Time slipped away this week, modern time that is. The same happened three weeks ago. Thoughts of grouse cartwheeling from a glorious cloud of white sulfurous stench oozed into oblivion with nary a flush, but perhaps with the utterance of a naughty word. Msko-waagosh would never do that, but I did.
The anticipation of the trip to Lake Gogebic in Michigan’s western Upper Peninsula exceeded the event, at least on the grouse hunting front. The correct 18th-century preparations make little difference if the “partridges” (the name my hunter heroes used to describe the ruffed grouse) don’t cross time’s threshold, too.
Grouse hunts aren’t that common for either of my personas; the last one was in late September of 2006, or I should say 1796, near Onaway, Michigan. The trading post hunter flushed eight or nine birds that day and got off two shots. A ruffed grouse is one of the few game birds or animals that “Old Turkey Feathers,” my Northwest trade gun, hasn’t brought to the family dinner table.
Several avid bird hunters told me how great the grouse hunting was in and around Lake Gogebic, which swelled my hopes. In his mind, my alter ego expected more flushes than in Onaway…
A Great MOWA Experience
Tami and I traveled to Lake Gogebic for the Michigan Outdoor Writers Association summer conference in mid-September. MOWA writers come together twice a year, and I had to miss the February meeting at the Ralph A. MacMullan Conference Center at Higgins Lake. When the dates were announced, a scheduling conflict put a dark cloud over this conference, too. Mark Sak and Tom Lounsbury kept pestering and finally convinced me I needed to attend. I’m glad I did. Thank you, fellas.
Tom Lounsbury—a good friend, radio host, and noted outdoor scribe—and I shared several grouse chases. We had a wonderful time. Tom Pink, a popular columnist with Michigan Outdoor News, joined us on Saturday, and the three of us enjoyed another great day afield. He hunted with a 12-gauge percussion double-barrel shotgun I brought along, just in case someone wanted to try hunting grouse with a black powder arm.
But MOWA conferences are more than hunting or fishing trips. Such outings offer a tremendous opportunity to learn, ponder circumstances and improve one’s writing and photography skills. We share breakfast, lunch and dinner and the pressing outdoor topics of the day are foremost in our discussions—along with some good-natured kidding. In the evenings, some pull up a chair and rehash the day’s doings.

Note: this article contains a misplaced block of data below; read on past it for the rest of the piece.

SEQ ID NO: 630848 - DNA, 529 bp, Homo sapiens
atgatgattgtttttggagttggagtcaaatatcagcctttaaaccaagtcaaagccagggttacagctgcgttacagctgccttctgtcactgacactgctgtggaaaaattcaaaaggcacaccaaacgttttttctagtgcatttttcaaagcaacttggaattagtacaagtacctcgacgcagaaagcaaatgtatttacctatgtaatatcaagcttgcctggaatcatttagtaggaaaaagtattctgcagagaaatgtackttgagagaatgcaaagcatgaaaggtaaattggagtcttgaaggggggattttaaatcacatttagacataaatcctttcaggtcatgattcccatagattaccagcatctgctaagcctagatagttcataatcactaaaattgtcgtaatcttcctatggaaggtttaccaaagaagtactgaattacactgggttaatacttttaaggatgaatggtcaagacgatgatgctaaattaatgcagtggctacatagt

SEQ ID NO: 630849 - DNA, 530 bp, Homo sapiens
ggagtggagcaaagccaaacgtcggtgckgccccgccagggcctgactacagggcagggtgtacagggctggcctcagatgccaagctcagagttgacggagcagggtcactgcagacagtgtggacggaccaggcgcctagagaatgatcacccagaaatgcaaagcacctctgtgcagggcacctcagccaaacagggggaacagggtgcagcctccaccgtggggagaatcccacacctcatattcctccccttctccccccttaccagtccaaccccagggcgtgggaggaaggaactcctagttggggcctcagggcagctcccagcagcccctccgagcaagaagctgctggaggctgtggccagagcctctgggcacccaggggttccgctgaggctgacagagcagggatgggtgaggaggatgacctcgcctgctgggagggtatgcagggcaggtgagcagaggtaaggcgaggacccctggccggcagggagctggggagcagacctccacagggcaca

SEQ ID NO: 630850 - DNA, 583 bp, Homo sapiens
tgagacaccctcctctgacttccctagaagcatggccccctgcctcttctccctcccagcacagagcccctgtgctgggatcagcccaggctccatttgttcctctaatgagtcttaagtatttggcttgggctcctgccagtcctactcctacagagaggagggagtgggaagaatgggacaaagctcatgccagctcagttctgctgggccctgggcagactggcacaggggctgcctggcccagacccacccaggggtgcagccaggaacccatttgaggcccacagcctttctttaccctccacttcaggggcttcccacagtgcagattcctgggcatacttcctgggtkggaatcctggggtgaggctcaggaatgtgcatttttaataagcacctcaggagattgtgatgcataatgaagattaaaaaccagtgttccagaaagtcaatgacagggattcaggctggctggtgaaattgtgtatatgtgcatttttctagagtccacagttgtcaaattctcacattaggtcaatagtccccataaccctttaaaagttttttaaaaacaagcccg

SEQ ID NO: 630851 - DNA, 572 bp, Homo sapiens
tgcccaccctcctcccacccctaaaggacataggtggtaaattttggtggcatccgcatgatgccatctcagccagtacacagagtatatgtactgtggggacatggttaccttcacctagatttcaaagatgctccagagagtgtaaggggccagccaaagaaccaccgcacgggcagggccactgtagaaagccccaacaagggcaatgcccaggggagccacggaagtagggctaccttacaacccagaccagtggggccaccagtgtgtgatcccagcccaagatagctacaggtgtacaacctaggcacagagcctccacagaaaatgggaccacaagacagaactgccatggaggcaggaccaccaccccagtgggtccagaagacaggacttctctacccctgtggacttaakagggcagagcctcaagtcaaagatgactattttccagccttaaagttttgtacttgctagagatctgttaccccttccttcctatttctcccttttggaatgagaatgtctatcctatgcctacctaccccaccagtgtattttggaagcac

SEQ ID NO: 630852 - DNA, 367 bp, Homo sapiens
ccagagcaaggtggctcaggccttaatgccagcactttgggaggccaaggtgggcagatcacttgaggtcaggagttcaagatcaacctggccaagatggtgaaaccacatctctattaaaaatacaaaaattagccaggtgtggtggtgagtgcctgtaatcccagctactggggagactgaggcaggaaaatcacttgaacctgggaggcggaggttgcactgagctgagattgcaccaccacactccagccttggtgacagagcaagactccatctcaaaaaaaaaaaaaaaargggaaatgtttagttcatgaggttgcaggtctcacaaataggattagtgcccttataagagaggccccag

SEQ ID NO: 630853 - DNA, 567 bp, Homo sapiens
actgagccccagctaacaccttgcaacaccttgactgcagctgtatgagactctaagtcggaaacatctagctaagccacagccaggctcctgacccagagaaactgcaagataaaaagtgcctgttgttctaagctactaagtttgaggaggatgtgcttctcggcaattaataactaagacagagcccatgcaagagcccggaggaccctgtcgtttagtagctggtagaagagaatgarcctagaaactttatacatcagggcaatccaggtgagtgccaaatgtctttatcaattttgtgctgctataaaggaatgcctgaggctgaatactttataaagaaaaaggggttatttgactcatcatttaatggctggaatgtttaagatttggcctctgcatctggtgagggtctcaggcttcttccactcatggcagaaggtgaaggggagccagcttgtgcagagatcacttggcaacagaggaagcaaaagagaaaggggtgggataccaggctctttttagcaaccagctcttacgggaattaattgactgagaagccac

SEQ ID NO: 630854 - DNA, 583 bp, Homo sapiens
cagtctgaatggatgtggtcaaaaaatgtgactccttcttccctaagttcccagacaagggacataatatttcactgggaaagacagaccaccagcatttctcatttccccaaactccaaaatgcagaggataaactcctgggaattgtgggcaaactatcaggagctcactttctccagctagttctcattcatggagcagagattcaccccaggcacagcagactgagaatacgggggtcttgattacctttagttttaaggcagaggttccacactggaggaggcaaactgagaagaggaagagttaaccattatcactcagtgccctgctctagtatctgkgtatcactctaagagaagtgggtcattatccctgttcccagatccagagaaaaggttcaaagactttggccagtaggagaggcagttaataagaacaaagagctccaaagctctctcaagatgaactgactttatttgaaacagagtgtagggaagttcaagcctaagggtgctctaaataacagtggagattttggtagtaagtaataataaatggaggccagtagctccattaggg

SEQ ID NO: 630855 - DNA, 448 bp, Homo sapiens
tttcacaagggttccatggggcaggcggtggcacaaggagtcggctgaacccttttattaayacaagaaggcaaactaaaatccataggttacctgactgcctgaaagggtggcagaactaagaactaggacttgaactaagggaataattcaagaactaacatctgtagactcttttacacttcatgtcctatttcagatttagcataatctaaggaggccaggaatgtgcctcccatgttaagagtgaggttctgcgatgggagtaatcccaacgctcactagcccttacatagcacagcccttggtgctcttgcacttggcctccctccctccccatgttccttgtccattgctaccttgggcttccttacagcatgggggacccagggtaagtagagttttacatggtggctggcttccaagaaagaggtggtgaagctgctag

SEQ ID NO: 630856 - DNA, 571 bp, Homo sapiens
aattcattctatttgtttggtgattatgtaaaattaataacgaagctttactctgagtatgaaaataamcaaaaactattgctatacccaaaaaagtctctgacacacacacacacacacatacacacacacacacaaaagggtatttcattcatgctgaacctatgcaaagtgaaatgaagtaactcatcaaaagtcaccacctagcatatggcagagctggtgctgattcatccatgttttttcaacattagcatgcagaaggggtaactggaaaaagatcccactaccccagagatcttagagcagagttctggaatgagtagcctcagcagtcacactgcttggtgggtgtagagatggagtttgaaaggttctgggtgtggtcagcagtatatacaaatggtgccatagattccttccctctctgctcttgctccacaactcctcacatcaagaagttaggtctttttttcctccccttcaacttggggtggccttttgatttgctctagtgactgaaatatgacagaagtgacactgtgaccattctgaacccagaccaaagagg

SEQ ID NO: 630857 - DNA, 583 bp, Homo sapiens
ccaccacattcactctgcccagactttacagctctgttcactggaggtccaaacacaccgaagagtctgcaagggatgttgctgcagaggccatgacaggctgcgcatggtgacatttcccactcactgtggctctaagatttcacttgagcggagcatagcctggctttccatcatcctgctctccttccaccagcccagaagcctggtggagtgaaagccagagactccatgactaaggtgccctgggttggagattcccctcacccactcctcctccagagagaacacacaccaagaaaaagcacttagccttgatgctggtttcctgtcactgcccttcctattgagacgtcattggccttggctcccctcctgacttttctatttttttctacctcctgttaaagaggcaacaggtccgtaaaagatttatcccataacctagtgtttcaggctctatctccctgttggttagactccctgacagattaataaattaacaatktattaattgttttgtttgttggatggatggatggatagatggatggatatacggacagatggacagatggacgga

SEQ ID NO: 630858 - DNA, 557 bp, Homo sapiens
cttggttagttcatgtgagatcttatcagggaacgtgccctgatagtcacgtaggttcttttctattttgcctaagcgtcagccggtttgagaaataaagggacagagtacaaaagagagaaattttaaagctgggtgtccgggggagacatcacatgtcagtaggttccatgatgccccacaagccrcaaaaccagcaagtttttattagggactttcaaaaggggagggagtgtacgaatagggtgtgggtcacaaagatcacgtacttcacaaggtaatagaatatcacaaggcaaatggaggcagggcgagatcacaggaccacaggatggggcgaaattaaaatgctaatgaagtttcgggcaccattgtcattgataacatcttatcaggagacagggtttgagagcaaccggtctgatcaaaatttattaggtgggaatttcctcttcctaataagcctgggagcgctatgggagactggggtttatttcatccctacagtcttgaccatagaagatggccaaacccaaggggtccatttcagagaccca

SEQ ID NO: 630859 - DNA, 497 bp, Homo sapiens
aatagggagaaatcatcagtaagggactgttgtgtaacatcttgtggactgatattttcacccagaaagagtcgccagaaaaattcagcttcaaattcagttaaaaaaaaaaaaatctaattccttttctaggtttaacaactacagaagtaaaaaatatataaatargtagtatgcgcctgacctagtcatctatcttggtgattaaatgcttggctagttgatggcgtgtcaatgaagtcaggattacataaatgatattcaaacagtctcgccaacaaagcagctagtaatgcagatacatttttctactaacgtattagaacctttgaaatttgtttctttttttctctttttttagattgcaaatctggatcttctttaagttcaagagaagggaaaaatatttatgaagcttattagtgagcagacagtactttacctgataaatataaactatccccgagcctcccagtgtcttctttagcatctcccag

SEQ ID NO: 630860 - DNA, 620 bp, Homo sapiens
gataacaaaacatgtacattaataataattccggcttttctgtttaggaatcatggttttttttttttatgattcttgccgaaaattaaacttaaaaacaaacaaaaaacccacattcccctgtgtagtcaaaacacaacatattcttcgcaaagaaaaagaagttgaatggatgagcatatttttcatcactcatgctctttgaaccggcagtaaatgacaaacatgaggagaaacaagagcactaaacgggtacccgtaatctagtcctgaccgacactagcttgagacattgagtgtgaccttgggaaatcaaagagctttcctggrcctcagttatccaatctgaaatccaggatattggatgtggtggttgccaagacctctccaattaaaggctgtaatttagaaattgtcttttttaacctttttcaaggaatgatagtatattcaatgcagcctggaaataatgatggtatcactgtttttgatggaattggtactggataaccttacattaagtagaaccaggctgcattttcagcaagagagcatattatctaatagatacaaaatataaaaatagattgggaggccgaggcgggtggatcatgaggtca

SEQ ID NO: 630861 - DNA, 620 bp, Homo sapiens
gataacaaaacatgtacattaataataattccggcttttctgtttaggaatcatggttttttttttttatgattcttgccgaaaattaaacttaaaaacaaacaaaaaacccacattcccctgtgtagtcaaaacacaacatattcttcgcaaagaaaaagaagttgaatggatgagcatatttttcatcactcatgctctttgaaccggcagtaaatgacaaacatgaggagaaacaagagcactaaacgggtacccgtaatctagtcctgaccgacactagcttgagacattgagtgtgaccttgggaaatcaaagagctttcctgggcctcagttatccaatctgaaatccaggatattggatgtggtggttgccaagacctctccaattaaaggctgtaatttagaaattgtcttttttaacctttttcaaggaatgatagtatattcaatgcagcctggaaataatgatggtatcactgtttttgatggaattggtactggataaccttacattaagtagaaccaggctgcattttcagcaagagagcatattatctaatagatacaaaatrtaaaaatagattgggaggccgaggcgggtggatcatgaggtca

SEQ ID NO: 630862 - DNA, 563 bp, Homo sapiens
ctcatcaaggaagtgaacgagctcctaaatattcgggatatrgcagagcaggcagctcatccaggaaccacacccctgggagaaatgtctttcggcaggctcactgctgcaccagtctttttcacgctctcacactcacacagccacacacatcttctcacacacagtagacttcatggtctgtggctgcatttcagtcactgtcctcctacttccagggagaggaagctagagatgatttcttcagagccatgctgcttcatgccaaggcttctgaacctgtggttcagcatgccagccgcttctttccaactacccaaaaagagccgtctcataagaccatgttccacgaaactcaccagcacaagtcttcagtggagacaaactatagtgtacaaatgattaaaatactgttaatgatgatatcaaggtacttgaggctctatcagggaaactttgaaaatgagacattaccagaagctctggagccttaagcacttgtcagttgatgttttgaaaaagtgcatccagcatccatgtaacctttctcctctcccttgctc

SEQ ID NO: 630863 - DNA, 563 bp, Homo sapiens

At the summer conference, the Saturday night dinner ends with the presentation of the MOWA Excellence in Craft Awards. I was shocked, humbled and honored when my name was called, more than once. I was truly blessed, receiving four first place honors: the 2016 Cliff Ketcham Award: best hunting outdoor feature, a traditional black powder hunting story, “Fooling ‘Old Lady Gray’;” the James H. Hall Award: best outdoor feature highlighting non-hunting, a black powder shooting sports missive, “An afternoon African safari;” the James A. O. Crowe Award: best contribution as a columnist for the “Black Powder Shooting Sports” column published in Woods-N-Water News: Michigan’s Premier Outdoor Publication; and the Charlie Welch Award: best published black and white photo for “I have knives,” an image that appeared in the February 2015 issue of Muzzle Blasts: Official Publication of the National Muzzle Loading Rifle Association.
MOWA was founded in 1944 and is a non-profit organization that includes outdoor writers, editors, photographers, broadcast journalists, lecturers and public relations specialists. MOWA members are dedicated to the preservation and conservation of the state’s natural resources and the practice of stewardship and good sportsmanship in outdoor recreation. Mort Neff, Ben East, Fred Bear, David Richey and Gordon Charles, to name a few, were all MOWA writers, as were the folks the awards are named after.
For me, one of the major takeaways from these awards is that the black powder shooting sports and traditional black powder hunting are relevant to Michigan readers, and that this handful of stories were judged by some of the best writers and editors in the country as being topnotch. I doff my headscarf in thanks to the many folks who take their valuable time to answer my questions and help me with the photos and quotes that accompany my scribblings. Thank you, all!
DennisNeely.com web site updates
Updating my author web site, dennisneely.com, has been on my “to-do list” for some time. However, life always seems to get in the way. At any rate, I’ve spent the last week and a half updating the site—spurred on by several conversations at the MOWA conference. There’s more to do. There always is…
The portfolio format is changed, and I’ve posted several of these award-winning articles. They are not new to regular readers of Woods-N-Water News, but I hope some might enjoy the feature stories.
In addition, I made a pledge to “make it to the woods every day in the month of October,” and I’ve only missed one day, and that was due to the wagon trails being too wet. I don’t need more property damage to repair.
And I’m down to sanding the stock of the Northwest gun that’s been lurking in the closet all these years, too. With any luck that smoothbore should be ready to shoot by the first of next week, then the final finishing can begin. To accomplish one project, others have to take a backseat, which is why I haven’t posted a new story to this site in the last two weeks. Dear reader, I trust you will bear with me…
Until then, make it to the woods, be safe and may God bless you.